Why Businesses Should Utilize New Technology, But Still Embrace the Analog

Autonomous flying aircraft will soon transport people, drones are starting to deliver packages, and smartphones are more advanced than computers from a decade ago.

It’s time to stop using the term science fiction so loosely. The lines between what was previously deemed science fiction and the tech-heavy realities of today are truly blurring. The fact that our world is becoming more tech-infused doesn’t mean that older analog-based technologies are obsolete. In fact, analog and digital actually flourish together.

But what does this mean for your business? Why should you be embracing the analog when digital technologies exist?

Analog media generally has a unique, real feel to it. But inconveniences associated with old technology sometimes make analog media, such as the film camera or the vinyl record, somewhat unconventional. Fortunately, new technologies are giving analog things a boost of relevancy.

An example of this are the ways in which displays, signage, and billboards have evolved over the years.

In the world of advertising signage, digital displays are king. An article by Four Winds Interactive, titled Top Five Benefits of Digital Signage Displays, explains:

“Digital displays capture 400% more views than static displays. Not only do they capture more views, but their recall rate is 83%—significantly higher than any traditional media. With 8/10 customers entering an establishment just because a sign caught their eye, added foot traffic and new customers are virtually guaranteed.”

Signage that is digitally-based and interactive is typically more engaging—which may lead many to believe that print media will start to become extinct.

However, small businesses like MegaPrint beg to differ. Having been around for over two decades, and flourishing with less than 20 employees, they prove that ‘analog’ print media holds up and is still a necessity to many people. While digital displays are fantastic for some, they aren’t always necessary or practical.

Furthermore, something that merges analog printing techniques with sci-fi-turned reality tech is the concept of printed solar panel signage, created by using special inks.

Researchers at Aalto University pioneered this technique last year, which involves using light-absorbing, photovoltaic ink:

“When light is absorbed in an ordinary ink, it generates heat. A photovoltaic ink, however, converts part of that energy to electricity. The darker the color, the more electricity is produced, The most efficient solar cell is therefore pitch-black…The idea of a colorful, patterned solar cell is to combine also other properties that take advantage of light on the same surface, such as visual information and graphics.”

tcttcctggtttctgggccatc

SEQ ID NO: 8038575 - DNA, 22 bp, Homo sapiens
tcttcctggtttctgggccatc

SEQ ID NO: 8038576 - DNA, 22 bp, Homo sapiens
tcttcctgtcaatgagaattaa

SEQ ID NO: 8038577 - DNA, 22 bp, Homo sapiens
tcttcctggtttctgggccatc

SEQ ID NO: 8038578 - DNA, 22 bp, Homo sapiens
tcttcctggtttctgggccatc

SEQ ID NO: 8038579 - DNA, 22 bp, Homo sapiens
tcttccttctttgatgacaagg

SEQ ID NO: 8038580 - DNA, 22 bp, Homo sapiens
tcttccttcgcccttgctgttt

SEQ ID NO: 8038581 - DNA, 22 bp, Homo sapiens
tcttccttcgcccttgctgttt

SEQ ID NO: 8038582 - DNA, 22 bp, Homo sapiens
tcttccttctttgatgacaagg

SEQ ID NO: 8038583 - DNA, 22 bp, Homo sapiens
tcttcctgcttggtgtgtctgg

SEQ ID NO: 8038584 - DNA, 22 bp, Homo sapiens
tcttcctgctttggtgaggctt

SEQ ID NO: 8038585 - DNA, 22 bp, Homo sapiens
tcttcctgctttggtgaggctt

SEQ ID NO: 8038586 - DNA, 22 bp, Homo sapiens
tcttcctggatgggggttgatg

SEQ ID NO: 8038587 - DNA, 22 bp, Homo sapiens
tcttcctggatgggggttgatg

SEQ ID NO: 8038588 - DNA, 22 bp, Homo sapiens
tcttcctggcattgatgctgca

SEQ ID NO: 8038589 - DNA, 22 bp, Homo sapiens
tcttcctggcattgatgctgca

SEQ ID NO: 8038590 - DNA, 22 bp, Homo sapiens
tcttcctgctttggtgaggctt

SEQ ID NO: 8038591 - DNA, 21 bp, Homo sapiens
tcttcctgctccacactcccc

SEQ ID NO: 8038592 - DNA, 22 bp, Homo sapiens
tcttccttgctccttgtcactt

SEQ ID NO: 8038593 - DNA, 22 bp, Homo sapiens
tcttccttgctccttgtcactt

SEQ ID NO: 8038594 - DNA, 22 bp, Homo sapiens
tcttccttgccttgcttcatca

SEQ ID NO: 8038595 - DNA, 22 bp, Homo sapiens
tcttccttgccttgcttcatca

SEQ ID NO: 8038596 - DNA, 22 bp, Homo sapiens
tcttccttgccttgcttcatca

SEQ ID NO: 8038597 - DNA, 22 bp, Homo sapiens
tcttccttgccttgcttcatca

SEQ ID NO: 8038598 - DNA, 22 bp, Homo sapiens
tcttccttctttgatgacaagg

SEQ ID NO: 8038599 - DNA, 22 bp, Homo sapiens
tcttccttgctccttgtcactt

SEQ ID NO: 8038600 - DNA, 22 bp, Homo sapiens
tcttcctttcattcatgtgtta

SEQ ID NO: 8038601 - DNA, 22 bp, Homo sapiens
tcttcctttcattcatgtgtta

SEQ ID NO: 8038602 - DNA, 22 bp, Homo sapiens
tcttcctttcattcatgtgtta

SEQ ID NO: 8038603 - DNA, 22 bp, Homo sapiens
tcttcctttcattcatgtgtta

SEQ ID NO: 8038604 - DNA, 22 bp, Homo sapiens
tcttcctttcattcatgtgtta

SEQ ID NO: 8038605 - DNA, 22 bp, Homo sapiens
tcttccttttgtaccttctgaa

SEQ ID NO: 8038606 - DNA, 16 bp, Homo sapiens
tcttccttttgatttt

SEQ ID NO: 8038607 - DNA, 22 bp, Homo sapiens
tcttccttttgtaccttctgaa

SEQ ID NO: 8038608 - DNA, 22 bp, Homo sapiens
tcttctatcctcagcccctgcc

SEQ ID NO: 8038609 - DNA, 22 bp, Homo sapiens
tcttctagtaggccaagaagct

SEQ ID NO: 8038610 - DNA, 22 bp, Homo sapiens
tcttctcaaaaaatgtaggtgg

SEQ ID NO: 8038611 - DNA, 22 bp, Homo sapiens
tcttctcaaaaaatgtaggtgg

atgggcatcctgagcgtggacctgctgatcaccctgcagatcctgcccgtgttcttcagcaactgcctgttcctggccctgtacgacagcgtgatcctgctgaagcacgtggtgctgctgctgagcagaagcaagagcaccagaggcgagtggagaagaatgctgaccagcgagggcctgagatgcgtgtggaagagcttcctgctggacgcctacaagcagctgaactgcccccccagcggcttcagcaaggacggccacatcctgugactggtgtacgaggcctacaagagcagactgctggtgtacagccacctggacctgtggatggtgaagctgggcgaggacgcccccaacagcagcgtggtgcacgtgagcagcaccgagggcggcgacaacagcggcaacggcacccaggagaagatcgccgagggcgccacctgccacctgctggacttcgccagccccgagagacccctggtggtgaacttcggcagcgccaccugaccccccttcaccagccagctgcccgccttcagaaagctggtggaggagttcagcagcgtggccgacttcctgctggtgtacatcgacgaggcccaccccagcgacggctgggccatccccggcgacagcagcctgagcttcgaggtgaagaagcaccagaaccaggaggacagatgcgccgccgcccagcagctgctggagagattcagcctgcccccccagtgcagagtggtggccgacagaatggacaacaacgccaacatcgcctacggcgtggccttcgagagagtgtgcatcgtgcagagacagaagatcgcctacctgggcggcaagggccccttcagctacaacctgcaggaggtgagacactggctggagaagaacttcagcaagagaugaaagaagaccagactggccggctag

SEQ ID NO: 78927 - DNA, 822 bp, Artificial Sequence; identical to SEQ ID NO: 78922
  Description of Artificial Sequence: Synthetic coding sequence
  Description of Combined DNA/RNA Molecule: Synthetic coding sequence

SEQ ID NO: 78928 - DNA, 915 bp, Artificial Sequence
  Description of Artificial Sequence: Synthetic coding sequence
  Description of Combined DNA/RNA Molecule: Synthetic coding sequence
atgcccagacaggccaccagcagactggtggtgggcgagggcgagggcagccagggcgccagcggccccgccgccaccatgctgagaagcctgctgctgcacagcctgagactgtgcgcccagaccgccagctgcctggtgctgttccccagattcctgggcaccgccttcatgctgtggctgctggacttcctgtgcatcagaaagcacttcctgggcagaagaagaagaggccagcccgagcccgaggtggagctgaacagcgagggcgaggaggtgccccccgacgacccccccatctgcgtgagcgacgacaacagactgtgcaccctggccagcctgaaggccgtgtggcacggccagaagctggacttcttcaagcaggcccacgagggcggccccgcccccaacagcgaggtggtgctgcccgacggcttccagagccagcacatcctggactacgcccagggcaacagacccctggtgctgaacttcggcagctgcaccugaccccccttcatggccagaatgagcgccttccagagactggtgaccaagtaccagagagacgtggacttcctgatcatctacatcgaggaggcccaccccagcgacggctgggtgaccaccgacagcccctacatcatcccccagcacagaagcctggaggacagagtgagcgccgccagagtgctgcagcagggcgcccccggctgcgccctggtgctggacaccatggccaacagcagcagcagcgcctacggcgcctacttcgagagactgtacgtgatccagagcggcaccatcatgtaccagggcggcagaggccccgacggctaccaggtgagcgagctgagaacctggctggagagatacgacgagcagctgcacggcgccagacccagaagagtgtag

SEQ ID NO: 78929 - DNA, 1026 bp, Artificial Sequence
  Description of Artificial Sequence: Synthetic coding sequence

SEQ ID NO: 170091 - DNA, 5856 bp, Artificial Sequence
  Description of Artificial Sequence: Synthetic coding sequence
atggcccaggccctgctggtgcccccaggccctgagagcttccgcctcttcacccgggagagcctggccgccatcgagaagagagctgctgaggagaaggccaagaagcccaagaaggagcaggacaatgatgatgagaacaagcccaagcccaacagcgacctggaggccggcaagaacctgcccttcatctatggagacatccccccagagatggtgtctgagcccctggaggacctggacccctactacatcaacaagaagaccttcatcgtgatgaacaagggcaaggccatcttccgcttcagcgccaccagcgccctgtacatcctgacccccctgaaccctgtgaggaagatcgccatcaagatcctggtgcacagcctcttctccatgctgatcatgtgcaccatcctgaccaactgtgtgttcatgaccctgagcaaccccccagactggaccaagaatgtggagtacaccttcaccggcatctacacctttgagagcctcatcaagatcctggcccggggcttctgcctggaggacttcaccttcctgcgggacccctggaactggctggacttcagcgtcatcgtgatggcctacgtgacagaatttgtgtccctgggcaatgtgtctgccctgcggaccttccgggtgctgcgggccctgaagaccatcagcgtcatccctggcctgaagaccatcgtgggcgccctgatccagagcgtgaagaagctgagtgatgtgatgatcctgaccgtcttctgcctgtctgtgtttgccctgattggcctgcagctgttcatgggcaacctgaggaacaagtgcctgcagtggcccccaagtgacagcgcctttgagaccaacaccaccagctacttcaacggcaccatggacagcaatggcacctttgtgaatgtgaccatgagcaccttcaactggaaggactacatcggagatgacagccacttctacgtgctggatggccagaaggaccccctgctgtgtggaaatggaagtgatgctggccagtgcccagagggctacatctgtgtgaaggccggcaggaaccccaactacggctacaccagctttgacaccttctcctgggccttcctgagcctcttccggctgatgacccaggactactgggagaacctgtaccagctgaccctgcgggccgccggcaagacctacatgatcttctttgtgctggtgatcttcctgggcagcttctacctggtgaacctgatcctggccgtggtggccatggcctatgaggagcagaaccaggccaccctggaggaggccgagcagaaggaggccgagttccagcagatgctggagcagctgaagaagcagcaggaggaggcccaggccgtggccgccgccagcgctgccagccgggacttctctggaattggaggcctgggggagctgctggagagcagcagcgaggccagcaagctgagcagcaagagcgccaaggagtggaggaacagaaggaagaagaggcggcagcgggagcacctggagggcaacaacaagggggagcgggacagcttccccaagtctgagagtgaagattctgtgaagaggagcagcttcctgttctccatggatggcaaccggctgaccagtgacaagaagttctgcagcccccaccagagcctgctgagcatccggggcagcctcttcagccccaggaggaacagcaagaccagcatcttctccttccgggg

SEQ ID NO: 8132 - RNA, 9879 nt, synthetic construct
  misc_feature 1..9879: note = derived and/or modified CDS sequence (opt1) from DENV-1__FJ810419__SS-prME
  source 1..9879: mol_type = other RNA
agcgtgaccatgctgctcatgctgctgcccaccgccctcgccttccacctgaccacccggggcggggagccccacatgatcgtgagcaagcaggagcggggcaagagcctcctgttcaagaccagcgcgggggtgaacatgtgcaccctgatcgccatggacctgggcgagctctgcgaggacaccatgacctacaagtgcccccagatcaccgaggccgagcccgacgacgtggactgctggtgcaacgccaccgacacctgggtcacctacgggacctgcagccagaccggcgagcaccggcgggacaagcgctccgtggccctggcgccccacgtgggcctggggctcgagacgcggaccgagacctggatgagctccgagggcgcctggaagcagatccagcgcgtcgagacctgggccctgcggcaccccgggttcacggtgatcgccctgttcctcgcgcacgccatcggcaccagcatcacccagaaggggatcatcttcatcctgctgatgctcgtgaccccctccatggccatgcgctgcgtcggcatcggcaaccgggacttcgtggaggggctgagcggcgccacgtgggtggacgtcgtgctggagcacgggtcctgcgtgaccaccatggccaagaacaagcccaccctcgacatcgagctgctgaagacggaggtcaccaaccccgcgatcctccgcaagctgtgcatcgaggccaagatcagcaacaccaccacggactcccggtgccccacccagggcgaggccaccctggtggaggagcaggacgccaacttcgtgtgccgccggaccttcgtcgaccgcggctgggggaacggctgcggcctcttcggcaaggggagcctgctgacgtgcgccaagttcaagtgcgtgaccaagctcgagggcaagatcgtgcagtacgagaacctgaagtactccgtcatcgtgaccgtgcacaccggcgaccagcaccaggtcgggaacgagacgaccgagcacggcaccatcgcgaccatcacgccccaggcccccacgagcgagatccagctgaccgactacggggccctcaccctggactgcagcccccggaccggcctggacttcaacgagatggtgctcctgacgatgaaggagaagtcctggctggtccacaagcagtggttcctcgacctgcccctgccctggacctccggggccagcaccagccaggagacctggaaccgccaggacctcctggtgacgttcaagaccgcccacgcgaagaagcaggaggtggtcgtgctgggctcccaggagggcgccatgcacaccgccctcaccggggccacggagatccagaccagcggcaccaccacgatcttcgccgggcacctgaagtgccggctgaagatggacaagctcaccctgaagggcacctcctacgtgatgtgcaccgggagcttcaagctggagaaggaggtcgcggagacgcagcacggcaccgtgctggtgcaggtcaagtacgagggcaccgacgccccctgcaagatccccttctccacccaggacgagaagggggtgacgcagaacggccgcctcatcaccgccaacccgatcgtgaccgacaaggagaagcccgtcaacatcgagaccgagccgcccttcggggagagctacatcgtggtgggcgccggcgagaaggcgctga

Printed solar panel graphics will likely become commonplace in the coming years. Imagine if the label on a battery was what was charging it?!

Another example of the digital-meets-analog phenomenon is the ways in which film and digital photography coexist. Sci-fi-esque 360 degree cameras and drone aerial photography have become common in the last couple of years. But analog photography still has a place in the world. While photography has become somewhat of a digital playground for professionals, many are also sticking to their roots.

A surprising number of photographers still shoot film, even though digital photography is deemed more convenient. This is because film photos look better a lot of the time: they posses unique film grain qualities and arguably blend light and color better than a lot of digital cameras. It’s difficult, some would say nearly impossible, to completely replicate the look of film photos.

However, this does not mean that film photography is totally practical on its own. The process of developing and printing photos in true analog fashion requires a range of vintage equipment. True film enthusiasts must have a darkroom to work in and use a host of niche chemicals and tools to process their film. Some still even use bulky enlargers that make prints in various sizes.

This is where film photography and the digital world collide.

Most photographers who still shoot film process their 35mm rolls the old-school way but use the convenience of digital scanners to turn their film photo negatives into digital/analog hybrids. This allows film photos to be shared online. The photos still have an analog tone to them but don’t have to be printed.

Businesses should remain open-minded on both ends of the digital vs analog spectrum. Companies will be able appeal to a wide range of audiences when they effectively integrate the two. Odds are that you’ll captivate your target audience, through utilizing new technology, but still embrace the analog!


Robert Parmer
Robert Parmer
ROBERT Parmer is a student of Boise State University, ex-chef and barista, and adamant writer. He stepped away from the kitchen life three years ago to pursue freelance writing endeavors, and enjoys writing about business, health/wellness, and cats.

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